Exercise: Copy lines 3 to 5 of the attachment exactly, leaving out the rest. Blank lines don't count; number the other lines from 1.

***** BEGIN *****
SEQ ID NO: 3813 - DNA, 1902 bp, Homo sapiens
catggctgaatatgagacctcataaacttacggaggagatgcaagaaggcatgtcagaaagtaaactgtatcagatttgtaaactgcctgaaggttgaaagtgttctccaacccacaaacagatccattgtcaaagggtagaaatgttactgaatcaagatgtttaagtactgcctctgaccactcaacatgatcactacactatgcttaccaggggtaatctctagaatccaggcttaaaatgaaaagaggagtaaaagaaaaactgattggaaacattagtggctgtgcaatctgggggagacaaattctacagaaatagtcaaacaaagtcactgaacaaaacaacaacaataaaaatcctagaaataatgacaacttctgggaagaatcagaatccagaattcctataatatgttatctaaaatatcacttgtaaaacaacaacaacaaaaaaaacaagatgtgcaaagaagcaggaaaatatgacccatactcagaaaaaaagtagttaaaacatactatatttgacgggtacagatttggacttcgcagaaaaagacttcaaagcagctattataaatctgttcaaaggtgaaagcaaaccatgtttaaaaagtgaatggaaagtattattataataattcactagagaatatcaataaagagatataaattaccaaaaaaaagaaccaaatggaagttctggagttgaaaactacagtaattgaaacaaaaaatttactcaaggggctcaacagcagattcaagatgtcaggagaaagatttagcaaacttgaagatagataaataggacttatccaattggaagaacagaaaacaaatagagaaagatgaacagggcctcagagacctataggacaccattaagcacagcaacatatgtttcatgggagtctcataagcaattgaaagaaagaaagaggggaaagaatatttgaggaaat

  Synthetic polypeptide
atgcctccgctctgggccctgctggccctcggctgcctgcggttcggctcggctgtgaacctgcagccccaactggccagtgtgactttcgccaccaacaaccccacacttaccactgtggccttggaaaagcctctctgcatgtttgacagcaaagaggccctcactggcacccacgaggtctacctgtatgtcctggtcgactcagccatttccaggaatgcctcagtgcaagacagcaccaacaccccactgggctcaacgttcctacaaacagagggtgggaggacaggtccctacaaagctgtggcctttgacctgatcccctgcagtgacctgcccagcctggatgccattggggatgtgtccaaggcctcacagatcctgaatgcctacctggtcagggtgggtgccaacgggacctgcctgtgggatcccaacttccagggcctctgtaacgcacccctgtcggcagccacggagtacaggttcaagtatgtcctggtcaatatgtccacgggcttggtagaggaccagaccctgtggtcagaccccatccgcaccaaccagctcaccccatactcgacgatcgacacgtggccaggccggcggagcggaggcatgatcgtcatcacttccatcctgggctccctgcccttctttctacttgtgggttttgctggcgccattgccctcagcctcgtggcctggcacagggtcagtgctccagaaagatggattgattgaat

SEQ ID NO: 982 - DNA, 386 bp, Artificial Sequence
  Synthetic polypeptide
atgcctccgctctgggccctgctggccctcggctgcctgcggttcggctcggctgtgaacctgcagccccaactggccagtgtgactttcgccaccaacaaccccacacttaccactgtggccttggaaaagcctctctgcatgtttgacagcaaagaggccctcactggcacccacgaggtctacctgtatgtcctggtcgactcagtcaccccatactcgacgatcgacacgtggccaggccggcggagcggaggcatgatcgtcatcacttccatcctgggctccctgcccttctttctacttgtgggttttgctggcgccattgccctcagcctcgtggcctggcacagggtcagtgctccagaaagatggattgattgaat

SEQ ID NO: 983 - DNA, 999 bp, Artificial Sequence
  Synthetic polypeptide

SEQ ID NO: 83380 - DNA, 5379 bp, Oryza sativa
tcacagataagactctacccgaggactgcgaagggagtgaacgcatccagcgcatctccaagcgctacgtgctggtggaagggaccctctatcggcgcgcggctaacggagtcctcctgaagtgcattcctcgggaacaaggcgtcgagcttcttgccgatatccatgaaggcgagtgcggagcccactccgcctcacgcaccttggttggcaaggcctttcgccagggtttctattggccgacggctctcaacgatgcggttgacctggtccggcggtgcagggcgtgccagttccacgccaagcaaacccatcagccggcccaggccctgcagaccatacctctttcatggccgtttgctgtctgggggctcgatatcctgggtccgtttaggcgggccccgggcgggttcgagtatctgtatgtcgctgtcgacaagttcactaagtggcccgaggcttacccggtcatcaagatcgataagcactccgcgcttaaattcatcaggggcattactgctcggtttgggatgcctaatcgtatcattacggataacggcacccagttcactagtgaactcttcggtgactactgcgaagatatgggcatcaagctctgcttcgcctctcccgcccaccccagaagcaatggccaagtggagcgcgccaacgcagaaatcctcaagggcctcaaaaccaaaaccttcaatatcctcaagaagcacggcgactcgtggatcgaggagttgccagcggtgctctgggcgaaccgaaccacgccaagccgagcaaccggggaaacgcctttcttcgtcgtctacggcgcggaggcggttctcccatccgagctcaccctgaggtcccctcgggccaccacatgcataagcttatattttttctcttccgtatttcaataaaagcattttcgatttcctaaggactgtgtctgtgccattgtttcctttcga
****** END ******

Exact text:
  Synthetic polypeptide
atgcctccgctctgggccctgctggccctcggctgcctgcggttcggctcggctgtgaacctgcagccccaactggccagtgtgactttcgccaccaacaaccccacacttaccactgtggccttggaaaagcctctctgcatgtttgacagcaaagaggccctcactggcacccacgaggtctacctgtatgtcctggtcgactcagccatttccaggaatgcctcagtgcaagacagcaccaacaccccactgggctcaacgttcctacaaacagagggtgggaggacaggtccctacaaagctgtggcctttgacctgatcccctgcagtgacctgcccagcctggatgccattggggatgtgtccaaggcctcacagatcctgaatgcctacctggtcagggtgggtgccaacgggacctgcctgtgggatcccaacttccagggcctctgtaacgcacccctgtcggcagccacggagtacaggttcaagtatgtcctggtcaatatgtccacgggcttggtagaggaccagaccctgtggtcagaccccatccgcaccaaccagctcaccccatactcgacgatcgacacgtggccaggccggcggagcggaggcatgatcgtcatcacttccatcctgggctccctgcccttctttctacttgtgggttttgctggcgccattgccctcagcctcgtggcctggcacagggtcagtgctccagaaagatggattgattgaat

SEQ ID NO: 982 - DNA, 386 bp, Artificial Sequence